Have you ever wondered what happens when after we close our eyes and drift off to sleep?
While our bodies may appear to be inactive during this period, there’s a lot going on behind the scenes.
Sleep is not one homogeneous entity: It’s actually comprised of 5 distinct stages that repeat cyclically throughout the night.
Understanding how sleep stages work can help you work towards getting the most out of your sleep; and can make planning the most refreshing nap a breeze.
The Sleep Cycle
Your brain cycles through 5 different sleep stages throughout the night, with a full cycle taking 90-120 minutes to complete.
The duration and frequency of the different stages also changes over time. The REM component of each sleep cycle increases as the night goes on, so that REM effectively dominates the second half of the evening. Meanwhile, slow-wave (Stages 3 and 4) sleep decreases as morning approaches.
Additionally, we undergo 3 full cycles of non-REM sleep before finally settling into our first phase of REM approximately 1-3 hours after we first drift off. 
Each stage is unique and plays a specific role in the sleep process.
This is the transition period being waking and sleep. During this brief stage you actually drift in-and-out of sleep, and can be easily aroused by external stimuli. You may maintain awareness of your external surroundings, yet feel a sense of distance from them.
The brain starts to shift from the unsynchronized waves associated with waking, to slower, more predictable Alpha waves and finally into Theta waves.
The body enters a state of relaxation: Breathing becomes more regular, and your heart rate begins to slow down.
However, the muscles are still quite active when compared to other sleep stages. It’s common to experience the phenomenon known as hypnic jerk -- sudden muscle spasms which are often perceived as falling.
- Drift in and out of wakefulness
- Easily awakened
- Muscles quite active
- Less than 10-minutes long
- 5% total sleep time
This is the first stage of unequivocal sleep. Your conscious awareness begins to wane even further, and the muscles throughout the body relax.
Theta waves are more predominant, but are now interspersed with two unique wave phenomena: Sleep Spindles (a sudden increase in wave frequency) and K Complexes (a sudden increase in wave amplitude). These help enforce sleep by suppressing your response to the outside world.
45-50% of total sleep time.
- First stage of sleep.
- Sudden bursts of brain activity.
- 45-50% total sleep time.
Stage 3 & 4
Together stages 3 and 4 are known as Delta, deep or slow-wave sleep. It’s extremely difficult to wake someone from deep sleep, and if you do wake from these stages you are likely to experience sleep inertia: characterized by brain fog and disorientation.
The stages get their name from the very slow Delta waves which predominate brain activity. You may still experience some sleep spindles, but much fewer and far between than in Stage 2 sleep.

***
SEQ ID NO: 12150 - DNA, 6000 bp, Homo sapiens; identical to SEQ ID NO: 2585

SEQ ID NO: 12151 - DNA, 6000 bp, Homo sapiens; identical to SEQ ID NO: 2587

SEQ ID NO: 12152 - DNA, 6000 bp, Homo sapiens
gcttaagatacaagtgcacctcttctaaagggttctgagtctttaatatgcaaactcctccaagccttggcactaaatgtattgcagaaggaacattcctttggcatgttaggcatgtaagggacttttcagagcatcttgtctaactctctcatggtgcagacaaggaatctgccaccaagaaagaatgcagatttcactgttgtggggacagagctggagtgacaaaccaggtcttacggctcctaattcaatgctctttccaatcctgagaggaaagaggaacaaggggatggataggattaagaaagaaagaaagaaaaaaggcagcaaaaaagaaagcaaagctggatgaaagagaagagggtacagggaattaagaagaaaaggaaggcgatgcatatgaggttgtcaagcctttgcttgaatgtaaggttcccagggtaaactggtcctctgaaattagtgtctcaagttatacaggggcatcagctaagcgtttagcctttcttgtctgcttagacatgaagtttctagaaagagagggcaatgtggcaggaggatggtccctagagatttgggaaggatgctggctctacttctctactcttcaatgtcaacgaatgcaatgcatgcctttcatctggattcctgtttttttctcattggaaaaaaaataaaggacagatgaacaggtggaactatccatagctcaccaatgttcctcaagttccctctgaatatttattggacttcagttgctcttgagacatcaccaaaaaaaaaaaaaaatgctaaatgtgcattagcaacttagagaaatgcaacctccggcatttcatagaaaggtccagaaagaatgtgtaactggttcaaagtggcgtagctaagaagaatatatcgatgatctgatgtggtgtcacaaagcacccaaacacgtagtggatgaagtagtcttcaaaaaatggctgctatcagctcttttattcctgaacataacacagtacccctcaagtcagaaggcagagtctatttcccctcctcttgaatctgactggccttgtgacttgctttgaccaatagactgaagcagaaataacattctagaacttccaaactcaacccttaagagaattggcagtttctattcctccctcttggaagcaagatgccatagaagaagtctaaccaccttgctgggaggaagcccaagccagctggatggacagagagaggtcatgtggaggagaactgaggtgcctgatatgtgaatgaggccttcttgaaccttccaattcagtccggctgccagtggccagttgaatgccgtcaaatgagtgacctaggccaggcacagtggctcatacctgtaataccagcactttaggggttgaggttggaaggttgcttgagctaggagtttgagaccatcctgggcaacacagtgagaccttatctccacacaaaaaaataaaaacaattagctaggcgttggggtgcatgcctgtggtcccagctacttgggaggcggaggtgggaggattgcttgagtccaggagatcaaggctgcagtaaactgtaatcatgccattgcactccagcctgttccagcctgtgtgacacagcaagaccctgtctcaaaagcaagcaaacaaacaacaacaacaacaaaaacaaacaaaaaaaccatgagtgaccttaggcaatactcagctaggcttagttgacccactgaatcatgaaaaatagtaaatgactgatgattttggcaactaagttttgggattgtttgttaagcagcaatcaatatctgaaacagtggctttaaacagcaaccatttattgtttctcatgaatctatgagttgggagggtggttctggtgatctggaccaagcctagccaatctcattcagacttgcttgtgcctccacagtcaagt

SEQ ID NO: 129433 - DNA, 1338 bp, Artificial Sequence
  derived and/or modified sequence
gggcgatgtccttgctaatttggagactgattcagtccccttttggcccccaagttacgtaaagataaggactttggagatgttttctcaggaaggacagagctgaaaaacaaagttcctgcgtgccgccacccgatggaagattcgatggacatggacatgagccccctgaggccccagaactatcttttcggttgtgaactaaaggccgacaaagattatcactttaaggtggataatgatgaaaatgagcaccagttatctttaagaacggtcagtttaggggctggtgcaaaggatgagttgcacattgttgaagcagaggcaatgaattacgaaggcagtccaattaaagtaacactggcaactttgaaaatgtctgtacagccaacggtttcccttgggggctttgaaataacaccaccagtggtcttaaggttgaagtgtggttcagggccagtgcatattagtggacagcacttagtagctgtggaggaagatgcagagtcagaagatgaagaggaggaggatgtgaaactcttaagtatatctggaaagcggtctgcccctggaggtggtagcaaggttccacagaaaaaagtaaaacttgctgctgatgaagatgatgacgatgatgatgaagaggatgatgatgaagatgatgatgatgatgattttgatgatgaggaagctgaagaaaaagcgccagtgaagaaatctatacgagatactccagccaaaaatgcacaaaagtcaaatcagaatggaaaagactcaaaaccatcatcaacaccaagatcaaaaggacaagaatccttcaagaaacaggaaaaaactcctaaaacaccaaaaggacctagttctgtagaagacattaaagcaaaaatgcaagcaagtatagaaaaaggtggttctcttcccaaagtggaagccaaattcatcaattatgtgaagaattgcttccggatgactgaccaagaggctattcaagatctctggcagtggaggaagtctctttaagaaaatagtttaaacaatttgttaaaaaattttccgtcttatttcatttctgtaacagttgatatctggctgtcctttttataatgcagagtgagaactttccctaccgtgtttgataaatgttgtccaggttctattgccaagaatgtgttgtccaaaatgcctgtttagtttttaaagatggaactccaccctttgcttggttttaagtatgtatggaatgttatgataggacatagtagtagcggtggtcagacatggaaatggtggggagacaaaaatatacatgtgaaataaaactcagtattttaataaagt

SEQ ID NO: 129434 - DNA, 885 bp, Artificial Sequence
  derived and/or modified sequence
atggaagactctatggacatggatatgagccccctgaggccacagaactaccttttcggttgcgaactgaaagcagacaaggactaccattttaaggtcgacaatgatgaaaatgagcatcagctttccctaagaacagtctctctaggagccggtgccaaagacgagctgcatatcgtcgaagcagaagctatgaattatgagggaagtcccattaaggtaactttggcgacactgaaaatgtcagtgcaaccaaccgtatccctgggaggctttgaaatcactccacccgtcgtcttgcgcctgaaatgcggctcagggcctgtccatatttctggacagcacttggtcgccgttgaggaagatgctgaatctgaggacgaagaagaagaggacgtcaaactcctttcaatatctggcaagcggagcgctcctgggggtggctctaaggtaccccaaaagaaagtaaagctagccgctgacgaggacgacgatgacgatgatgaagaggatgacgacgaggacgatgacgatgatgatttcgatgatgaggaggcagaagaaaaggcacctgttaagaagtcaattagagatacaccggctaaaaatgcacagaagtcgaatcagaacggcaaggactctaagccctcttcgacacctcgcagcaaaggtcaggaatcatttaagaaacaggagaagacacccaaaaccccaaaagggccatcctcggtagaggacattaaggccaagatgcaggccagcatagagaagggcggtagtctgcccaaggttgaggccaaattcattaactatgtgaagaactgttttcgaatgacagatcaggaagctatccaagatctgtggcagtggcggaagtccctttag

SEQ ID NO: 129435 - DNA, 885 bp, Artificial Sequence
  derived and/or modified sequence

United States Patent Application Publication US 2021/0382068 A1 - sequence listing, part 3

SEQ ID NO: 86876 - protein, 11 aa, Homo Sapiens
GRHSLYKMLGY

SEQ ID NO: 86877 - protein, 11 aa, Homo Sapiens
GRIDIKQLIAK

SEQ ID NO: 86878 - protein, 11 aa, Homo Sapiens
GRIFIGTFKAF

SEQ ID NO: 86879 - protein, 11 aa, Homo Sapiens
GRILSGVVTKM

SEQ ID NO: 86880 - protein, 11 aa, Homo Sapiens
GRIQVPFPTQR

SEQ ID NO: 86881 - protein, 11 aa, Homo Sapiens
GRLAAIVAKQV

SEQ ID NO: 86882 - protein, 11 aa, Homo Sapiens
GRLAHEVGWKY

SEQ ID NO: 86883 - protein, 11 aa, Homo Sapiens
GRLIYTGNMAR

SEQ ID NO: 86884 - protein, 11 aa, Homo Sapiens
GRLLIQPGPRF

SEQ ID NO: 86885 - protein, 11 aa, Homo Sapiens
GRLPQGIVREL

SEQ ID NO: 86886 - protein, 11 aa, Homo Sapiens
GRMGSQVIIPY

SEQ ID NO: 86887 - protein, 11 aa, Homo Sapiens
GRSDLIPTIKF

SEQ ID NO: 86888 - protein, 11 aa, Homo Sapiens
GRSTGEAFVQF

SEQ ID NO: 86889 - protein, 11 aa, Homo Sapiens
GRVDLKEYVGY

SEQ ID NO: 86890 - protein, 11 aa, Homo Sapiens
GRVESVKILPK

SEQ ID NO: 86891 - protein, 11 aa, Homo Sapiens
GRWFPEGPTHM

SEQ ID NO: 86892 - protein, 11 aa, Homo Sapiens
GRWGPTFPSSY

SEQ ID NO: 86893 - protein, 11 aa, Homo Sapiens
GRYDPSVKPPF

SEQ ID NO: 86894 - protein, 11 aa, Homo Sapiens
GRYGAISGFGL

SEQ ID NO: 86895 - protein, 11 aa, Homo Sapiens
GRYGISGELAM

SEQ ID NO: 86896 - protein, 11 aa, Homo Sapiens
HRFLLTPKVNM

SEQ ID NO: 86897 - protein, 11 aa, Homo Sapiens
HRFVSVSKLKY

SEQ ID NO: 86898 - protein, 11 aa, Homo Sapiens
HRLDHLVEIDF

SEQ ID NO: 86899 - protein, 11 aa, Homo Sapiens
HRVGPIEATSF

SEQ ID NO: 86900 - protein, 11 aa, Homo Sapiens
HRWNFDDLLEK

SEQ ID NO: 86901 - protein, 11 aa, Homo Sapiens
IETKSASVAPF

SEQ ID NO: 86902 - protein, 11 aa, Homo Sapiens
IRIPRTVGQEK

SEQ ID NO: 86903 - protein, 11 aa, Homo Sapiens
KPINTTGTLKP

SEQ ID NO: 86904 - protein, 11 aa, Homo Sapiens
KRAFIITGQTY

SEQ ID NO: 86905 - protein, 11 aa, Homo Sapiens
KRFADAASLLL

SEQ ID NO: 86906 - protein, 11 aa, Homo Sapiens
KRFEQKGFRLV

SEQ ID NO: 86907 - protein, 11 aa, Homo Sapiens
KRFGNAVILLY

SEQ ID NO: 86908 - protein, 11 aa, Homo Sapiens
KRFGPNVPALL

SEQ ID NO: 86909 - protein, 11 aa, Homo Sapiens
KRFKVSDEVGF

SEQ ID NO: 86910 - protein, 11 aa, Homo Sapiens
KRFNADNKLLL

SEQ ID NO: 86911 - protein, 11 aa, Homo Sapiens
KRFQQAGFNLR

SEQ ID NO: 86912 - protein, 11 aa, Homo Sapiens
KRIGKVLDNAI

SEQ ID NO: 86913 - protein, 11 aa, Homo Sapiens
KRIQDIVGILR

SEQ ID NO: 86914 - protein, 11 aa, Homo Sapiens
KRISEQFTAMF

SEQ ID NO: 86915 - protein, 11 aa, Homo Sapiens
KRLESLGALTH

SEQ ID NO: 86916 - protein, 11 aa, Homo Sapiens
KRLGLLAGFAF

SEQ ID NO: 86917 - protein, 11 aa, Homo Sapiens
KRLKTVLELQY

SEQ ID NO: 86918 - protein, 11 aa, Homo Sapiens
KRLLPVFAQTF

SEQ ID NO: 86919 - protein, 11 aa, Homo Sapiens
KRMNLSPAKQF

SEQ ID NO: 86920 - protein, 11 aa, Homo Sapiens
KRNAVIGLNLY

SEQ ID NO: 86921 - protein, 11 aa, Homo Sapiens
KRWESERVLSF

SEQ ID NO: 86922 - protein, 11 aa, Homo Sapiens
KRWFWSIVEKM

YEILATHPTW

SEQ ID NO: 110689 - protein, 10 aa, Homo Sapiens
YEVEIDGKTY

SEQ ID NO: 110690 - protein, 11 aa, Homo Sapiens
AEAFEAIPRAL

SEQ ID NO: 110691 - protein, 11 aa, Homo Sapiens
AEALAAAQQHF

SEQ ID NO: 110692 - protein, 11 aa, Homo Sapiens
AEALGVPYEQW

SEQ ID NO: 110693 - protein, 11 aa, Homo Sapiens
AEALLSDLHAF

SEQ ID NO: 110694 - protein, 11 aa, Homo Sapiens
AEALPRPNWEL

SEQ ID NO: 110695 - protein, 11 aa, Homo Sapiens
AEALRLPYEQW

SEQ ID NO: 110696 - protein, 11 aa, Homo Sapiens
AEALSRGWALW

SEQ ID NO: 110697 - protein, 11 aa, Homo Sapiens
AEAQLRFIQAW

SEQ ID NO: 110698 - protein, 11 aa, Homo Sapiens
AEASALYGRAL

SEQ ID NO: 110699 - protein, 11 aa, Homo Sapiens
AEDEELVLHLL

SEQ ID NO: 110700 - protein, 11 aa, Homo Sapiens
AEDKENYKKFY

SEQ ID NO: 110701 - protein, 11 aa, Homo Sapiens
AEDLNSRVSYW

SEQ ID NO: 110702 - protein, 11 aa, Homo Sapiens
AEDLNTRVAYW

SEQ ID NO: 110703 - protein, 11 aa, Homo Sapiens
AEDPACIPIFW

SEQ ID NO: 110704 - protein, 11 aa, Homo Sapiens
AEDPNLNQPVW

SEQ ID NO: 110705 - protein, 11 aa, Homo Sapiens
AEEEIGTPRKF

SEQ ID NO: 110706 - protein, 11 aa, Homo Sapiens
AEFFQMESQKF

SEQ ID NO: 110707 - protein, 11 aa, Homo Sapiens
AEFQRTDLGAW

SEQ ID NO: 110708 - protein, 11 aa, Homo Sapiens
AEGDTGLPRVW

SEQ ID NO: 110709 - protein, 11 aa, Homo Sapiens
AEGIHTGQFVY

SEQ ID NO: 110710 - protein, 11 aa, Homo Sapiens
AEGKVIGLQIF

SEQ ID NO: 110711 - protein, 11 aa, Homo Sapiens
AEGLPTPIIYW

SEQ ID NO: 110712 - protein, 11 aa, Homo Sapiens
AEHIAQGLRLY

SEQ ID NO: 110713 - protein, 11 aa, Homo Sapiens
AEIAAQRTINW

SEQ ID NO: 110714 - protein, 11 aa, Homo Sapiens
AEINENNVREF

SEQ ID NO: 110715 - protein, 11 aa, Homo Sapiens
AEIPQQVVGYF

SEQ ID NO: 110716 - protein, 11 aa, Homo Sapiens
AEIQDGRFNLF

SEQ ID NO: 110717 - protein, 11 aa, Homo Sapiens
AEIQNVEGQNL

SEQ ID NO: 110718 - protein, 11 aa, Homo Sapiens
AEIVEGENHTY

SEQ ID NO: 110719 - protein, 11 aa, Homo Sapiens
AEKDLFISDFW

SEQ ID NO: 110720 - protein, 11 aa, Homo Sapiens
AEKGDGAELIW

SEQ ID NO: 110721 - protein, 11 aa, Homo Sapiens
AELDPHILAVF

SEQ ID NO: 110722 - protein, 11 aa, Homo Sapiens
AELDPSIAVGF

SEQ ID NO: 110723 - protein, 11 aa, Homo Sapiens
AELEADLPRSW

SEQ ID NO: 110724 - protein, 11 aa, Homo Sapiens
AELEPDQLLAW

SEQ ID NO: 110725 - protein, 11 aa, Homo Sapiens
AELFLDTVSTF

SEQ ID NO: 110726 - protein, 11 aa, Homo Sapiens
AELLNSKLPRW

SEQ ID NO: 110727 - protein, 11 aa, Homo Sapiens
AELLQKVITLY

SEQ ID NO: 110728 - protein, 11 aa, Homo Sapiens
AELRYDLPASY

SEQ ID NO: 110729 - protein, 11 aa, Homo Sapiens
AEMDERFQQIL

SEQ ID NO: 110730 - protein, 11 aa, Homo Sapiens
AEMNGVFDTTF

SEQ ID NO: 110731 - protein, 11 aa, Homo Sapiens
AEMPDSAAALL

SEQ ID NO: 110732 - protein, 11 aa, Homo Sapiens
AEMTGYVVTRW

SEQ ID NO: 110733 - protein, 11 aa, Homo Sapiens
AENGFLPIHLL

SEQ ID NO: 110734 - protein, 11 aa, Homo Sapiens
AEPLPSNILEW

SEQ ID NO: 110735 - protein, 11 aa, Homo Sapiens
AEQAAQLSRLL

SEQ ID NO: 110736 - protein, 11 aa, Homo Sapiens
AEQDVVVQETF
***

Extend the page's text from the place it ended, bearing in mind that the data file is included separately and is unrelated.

Stage 4 is distinguished from Stage 3 by the amount of delta waves. Once these reach over 50% of brain activity you are considered to be in Stage 4 sleep.
Your heart rate, blood pressure and body temperature are all at their lowest during these stages. Your body begins to release certain hormones, there is more blood flow to the muscles, and tissue growth/repair takes place. 
Dreaming is more common during Stage 4 than other non-REM stages; but this does not compare to REM sleep. Delta Sleep is also when people experience parasomnias, such as sleep-walking, sleep-talking, and night-terrors.
- Extremely slow brain waves begin (Delta waves)
- Still interspersed with faster waves (spindles)
- Most restorative sleep15-20% total sleep time
REM Sleep gets it’s name from it’s more iconic feature: Rapid, jerky eye movements. However, it’s also known as paradoxical sleep due to the presence of brain waves similar to that of a waking state.
Your breathing becomes rapida and irregular, while blood pressure and heart rate increase to that of waking levels. Your core temperature is also not well regulated during this stage, and signs of sexual arousal are typical.
We experience the majority of our dreams during REM, and due to the unique brain activity these are also our most vivid and memorable dreams. The voluntary muscles are effectively paralysed, which is believed to be a mechanism to prevent you from acting out your dreams.
- Eyes perform jerky, rapid movements
- Voluntary muscles paralyzed
- Vivid dreams
- 20-25% total sleep time
- >80% sleep in newborns
Keeping Your Sleep Cycles In Check
Each of the five stages is equally necessary to provide you the most restorative, restful and replenishing sleep.
Awakening frequently at night, being startled awakened by an alarm or simply not fitting in enough hours of sleep impacts the number and quality of your sleep cycles.
Your ability to regulate and pass seamlessly from one stage of sleep to another depends heavily on your circadian rhythms. Practicing sleep hygiene can help you get your sleep cycles on track.